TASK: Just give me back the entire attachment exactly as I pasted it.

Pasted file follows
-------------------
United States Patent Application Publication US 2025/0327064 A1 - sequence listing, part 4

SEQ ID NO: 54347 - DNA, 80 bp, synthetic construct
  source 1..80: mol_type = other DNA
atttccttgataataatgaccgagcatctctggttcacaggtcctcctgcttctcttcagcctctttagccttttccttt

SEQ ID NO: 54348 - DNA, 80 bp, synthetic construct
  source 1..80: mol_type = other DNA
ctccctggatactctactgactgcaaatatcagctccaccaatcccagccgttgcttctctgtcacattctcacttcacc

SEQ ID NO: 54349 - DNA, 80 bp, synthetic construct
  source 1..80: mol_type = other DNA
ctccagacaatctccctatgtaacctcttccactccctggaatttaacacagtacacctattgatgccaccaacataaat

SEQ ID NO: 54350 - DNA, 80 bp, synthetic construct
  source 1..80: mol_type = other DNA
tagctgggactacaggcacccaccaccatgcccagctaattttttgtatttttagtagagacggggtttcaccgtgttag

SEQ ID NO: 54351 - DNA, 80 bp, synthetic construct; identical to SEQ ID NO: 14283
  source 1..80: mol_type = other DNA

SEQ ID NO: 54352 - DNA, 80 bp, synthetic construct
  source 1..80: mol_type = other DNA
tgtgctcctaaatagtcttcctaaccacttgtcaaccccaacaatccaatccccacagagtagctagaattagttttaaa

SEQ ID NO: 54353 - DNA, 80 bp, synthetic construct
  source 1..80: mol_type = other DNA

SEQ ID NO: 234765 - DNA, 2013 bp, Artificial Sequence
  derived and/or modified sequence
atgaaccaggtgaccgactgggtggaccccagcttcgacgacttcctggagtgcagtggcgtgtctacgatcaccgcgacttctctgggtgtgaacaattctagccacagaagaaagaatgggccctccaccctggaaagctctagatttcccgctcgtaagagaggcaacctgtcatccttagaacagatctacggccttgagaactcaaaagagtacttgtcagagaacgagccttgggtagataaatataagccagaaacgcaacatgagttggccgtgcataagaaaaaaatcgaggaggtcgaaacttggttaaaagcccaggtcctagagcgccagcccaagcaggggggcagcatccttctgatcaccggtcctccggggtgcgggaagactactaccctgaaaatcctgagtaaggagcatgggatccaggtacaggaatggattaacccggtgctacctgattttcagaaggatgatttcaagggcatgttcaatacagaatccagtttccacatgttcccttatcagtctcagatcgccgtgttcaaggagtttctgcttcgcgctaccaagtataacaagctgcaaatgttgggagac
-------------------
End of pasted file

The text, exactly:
United States Patent Application Publication US 2025/0327064 A1 - sequence listing, part 4

SEQ ID NO: 54347 - DNA, 80 bp, synthetic construct
  source 1..80: mol_type = other DNA
atttccttgataataatgaccgagcatctctggttcacaggtcctcctgcttctcttcagcctctttagccttttccttt

SEQ ID NO: 54348 - DNA, 80 bp, synthetic construct
  source 1..80: mol_type = other DNA
ctccctggatactctactgactgcaaatatcagctccaccaatcccagccgttgcttctctgtcacattctcacttcacc

SEQ ID NO: 54349 - DNA, 80 bp, synthetic construct
  source 1..80: mol_type = other DNA
ctccagacaatctccctatgtaacctcttccactccctggaatttaacacagtacacctattgatgccaccaacataaat

SEQ ID NO: 54350 - DNA, 80 bp, synthetic construct
  source 1..80: mol_type = other DNA
tagctgggactacaggcacccaccaccatgcccagctaattttttgtatttttagtagagacggggtttcaccgtgttag

SEQ ID NO: 54351 - DNA, 80 bp, synthetic construct; identical to SEQ ID NO: 14283
  source 1..80: mol_type = other DNA

SEQ ID NO: 54352 - DNA, 80 bp, synthetic construct
  source 1..80: mol_type = other DNA
tgtgctcctaaatagtcttcctaaccacttgtcaaccccaacaatccaatccccacagagtagctagaattagttttaaa

SEQ ID NO: 54353 - DNA, 80 bp, synthetic construct
  source 1..80: mol_type = other DNA

SEQ ID NO: 234765 - DNA, 2013 bp, Artificial Sequence
  derived and/or modified sequence
atgaaccaggtgaccgactgggtggaccccagcttcgacgacttcctggagtgcagtggcgtgtctacgatcaccgcgacttctctgggtgtgaacaattctagccacagaagaaagaatgggccctccaccctggaaagctctagatttcccgctcgtaagagaggcaacctgtcatccttagaacagatctacggccttgagaactcaaaagagtacttgtcagagaacgagccttgggtagataaatataagccagaaacgcaacatgagttggccgtgcataagaaaaaaatcgaggaggtcgaaacttggttaaaagcccaggtcctagagcgccagcccaagcaggggggcagcatccttctgatcaccggtcctccggggtgcgggaagactactaccctgaaaatcctgagtaaggagcatgggatccaggtacaggaatggattaacccggtgctacctgattttcagaaggatgatttcaagggcatgttcaatacagaatccagtttccacatgttcccttatcagtctcagatcgccgtgttcaaggagtttctgcttcgcgctaccaagtataacaagctgcaaatgttgggagac